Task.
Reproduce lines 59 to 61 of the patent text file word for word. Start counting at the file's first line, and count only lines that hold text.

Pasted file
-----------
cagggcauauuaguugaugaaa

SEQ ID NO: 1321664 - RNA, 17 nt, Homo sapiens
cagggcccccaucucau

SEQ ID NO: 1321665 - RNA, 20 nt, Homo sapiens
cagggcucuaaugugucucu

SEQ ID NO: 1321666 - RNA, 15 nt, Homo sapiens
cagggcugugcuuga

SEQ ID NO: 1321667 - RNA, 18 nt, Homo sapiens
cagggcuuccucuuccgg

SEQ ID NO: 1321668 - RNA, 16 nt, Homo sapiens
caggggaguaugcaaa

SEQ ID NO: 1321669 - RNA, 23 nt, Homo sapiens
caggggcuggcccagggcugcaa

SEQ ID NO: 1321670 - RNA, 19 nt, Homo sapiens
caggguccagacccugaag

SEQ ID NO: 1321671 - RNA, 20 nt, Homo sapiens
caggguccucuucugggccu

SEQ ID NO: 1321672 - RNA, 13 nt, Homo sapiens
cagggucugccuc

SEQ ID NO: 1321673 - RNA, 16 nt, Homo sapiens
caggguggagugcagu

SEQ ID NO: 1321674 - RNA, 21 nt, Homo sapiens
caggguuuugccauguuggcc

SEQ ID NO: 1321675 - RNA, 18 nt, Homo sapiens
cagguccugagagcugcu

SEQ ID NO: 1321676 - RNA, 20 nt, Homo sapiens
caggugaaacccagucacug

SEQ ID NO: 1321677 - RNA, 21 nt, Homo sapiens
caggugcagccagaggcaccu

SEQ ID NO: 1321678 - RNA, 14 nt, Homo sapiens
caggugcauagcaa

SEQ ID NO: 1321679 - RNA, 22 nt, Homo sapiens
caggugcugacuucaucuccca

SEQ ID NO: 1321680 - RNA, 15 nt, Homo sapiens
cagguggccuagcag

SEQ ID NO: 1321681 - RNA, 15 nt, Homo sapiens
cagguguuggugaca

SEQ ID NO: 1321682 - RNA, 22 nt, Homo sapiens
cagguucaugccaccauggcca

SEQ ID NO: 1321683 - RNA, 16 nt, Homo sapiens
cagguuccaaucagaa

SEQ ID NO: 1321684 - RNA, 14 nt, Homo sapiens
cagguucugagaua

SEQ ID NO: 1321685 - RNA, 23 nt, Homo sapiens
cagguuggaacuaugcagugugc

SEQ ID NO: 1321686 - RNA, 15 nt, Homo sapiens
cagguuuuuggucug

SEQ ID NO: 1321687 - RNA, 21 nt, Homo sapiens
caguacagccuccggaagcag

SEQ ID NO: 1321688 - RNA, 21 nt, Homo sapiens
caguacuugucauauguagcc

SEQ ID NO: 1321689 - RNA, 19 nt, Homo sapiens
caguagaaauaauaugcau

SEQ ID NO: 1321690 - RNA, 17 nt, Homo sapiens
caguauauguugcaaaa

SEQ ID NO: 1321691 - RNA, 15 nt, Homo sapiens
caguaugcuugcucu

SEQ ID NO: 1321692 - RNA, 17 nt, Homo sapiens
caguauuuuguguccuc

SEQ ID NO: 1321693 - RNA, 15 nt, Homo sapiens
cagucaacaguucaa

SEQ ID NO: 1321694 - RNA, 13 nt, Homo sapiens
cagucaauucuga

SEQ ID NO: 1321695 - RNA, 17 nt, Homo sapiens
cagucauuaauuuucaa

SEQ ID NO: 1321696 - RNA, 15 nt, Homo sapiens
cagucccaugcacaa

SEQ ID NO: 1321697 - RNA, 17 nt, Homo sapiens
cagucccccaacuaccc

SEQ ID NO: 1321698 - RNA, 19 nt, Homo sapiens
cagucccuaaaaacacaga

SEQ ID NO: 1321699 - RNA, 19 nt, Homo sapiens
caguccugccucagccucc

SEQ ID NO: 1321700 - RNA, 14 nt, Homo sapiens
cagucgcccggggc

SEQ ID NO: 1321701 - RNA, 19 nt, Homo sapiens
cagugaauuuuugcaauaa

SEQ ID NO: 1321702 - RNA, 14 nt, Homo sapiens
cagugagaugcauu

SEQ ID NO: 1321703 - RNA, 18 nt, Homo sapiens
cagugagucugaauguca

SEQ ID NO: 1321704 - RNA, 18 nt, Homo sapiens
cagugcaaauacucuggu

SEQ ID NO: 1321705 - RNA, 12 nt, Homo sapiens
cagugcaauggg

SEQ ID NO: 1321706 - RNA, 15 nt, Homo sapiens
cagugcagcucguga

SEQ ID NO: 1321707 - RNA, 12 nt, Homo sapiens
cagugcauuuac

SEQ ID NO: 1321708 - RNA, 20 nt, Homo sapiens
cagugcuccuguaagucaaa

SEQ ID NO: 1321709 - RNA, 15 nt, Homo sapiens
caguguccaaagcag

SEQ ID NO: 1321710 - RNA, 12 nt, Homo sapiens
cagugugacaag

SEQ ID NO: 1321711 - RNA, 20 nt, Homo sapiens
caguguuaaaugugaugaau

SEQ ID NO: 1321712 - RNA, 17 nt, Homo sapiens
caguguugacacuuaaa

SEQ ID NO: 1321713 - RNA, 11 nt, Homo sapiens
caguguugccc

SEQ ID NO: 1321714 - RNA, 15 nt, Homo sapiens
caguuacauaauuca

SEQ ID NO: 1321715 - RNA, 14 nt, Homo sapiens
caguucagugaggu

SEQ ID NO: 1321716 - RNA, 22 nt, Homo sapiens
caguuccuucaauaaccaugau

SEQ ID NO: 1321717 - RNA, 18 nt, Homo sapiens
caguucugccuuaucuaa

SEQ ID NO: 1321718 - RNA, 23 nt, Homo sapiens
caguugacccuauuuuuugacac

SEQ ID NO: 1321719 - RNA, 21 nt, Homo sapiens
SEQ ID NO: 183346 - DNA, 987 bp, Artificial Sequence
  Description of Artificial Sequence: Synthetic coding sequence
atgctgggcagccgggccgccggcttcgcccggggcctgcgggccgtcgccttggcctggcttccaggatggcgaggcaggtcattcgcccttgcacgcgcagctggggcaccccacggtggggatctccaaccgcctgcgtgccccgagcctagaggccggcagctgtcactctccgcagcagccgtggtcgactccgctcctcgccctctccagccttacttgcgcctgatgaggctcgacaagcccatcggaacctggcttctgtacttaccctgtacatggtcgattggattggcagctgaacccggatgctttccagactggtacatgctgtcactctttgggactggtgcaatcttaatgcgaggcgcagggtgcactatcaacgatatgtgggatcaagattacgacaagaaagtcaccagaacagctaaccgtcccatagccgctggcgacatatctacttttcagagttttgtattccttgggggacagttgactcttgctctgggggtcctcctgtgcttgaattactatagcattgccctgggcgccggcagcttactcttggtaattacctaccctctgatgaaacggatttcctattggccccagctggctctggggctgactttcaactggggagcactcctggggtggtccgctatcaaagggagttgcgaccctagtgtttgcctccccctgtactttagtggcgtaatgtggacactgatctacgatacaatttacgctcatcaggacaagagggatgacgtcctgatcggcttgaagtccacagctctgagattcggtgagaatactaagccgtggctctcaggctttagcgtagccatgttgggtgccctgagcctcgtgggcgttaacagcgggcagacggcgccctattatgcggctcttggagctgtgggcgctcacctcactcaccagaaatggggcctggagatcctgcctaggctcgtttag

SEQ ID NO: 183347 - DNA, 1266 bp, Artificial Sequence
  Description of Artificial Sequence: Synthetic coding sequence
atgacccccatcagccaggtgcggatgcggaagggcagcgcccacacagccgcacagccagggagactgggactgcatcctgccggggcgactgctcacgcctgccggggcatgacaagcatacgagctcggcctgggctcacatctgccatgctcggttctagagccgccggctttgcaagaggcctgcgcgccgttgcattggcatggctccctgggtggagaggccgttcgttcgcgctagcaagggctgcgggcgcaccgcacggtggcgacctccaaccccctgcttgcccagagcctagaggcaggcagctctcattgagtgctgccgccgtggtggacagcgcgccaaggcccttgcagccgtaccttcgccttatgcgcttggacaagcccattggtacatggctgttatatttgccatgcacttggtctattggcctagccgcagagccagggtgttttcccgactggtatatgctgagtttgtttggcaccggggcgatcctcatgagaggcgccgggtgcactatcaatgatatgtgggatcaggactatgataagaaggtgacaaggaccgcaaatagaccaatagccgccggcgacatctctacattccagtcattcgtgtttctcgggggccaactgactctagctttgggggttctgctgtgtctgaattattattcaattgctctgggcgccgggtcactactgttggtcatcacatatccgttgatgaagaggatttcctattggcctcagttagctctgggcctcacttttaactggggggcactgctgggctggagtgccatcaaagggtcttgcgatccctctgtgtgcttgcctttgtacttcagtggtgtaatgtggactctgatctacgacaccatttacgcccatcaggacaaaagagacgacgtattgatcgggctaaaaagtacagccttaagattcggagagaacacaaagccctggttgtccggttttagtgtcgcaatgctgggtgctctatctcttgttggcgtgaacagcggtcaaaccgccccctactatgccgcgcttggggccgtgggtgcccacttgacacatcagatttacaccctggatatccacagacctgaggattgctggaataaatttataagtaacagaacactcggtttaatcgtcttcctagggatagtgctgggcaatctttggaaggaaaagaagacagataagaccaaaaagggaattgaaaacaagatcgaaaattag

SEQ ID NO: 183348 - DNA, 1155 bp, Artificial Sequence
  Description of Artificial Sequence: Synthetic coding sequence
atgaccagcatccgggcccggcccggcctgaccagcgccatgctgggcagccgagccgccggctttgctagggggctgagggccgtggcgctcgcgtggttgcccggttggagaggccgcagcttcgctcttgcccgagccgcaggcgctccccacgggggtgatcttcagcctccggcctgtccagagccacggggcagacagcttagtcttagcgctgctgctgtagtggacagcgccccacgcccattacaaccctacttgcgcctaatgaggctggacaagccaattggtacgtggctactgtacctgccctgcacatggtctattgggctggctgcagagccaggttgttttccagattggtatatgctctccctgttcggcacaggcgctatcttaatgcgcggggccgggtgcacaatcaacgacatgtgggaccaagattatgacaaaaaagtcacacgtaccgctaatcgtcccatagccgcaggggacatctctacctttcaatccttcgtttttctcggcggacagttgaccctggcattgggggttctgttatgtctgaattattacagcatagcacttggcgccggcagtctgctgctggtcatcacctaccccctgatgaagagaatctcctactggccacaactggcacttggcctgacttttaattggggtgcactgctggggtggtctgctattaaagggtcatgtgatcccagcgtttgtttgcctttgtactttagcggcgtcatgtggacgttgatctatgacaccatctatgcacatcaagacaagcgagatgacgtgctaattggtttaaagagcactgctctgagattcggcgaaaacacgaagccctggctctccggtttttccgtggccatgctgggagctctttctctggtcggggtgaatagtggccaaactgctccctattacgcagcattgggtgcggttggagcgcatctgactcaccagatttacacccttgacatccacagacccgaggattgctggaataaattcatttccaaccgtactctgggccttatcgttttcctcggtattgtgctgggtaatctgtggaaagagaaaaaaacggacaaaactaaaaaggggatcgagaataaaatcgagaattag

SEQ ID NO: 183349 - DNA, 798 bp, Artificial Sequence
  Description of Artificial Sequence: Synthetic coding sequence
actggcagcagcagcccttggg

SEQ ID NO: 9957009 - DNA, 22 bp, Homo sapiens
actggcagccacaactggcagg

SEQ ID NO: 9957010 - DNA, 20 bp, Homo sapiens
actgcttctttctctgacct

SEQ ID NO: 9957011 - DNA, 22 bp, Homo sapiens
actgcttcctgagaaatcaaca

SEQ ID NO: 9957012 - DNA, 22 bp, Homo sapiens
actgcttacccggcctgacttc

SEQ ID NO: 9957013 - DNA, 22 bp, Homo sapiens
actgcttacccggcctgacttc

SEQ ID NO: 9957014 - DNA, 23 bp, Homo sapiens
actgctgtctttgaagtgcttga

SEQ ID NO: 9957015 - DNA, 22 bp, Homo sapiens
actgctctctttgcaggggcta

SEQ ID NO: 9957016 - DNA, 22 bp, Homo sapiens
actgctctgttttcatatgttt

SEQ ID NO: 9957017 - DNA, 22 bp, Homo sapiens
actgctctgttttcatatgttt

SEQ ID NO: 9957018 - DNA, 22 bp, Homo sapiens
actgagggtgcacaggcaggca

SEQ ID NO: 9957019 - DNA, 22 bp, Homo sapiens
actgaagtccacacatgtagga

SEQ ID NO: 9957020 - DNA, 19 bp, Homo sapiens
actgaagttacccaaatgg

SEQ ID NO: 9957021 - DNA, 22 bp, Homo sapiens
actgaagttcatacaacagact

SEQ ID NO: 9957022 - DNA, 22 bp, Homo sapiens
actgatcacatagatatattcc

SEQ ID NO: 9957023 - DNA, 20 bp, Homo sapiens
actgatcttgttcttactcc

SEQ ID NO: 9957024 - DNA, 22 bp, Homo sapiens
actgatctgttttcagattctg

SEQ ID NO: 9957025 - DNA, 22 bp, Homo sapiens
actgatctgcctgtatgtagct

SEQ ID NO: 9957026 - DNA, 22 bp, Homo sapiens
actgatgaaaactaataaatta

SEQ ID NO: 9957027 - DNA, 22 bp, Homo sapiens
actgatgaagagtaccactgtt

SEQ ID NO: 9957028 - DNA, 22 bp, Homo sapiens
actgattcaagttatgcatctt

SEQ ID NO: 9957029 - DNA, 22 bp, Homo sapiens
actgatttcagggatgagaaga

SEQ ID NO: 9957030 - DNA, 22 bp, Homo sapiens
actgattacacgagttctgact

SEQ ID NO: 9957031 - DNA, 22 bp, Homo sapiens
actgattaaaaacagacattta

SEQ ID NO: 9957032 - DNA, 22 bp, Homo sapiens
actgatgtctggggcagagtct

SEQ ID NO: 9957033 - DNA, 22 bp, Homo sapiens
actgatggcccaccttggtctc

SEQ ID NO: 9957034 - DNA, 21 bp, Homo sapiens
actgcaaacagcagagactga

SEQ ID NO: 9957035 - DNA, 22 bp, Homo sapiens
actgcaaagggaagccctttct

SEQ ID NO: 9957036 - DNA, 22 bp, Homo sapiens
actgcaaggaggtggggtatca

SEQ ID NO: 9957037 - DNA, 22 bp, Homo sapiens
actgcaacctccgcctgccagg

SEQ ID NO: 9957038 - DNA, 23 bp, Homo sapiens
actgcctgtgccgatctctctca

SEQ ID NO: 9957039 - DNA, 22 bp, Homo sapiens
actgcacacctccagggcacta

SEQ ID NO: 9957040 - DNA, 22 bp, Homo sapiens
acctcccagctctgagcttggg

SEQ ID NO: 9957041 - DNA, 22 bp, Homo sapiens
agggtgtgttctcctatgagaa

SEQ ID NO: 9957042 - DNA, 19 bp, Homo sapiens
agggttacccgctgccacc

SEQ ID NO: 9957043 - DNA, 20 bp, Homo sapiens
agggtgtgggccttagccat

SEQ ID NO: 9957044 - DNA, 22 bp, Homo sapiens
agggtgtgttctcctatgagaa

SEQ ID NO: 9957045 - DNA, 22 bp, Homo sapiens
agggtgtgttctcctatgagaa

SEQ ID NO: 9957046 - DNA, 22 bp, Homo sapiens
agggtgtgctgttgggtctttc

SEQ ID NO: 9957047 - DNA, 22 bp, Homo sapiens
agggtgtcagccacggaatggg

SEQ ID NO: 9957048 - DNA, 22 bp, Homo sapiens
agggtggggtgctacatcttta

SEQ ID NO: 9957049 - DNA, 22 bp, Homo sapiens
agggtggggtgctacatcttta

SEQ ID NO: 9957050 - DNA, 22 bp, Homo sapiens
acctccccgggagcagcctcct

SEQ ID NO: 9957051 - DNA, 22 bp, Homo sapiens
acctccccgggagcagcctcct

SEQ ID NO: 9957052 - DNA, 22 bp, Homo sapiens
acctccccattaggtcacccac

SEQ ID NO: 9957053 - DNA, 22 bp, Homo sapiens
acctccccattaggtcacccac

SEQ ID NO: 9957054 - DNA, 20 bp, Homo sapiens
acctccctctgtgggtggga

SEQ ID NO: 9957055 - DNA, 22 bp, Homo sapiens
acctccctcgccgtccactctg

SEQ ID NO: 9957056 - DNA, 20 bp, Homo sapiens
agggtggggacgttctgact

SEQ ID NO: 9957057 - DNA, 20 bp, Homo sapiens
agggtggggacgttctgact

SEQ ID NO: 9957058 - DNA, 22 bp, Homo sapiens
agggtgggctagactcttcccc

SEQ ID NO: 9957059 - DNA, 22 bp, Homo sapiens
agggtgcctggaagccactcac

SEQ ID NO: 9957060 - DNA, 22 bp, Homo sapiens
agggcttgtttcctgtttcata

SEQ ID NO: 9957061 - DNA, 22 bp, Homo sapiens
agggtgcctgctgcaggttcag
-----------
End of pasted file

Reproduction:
caguauuuuguguccuc

SEQ ID NO: 1321693 - RNA, 15 nt, Homo sapiens
cagucaacaguucaa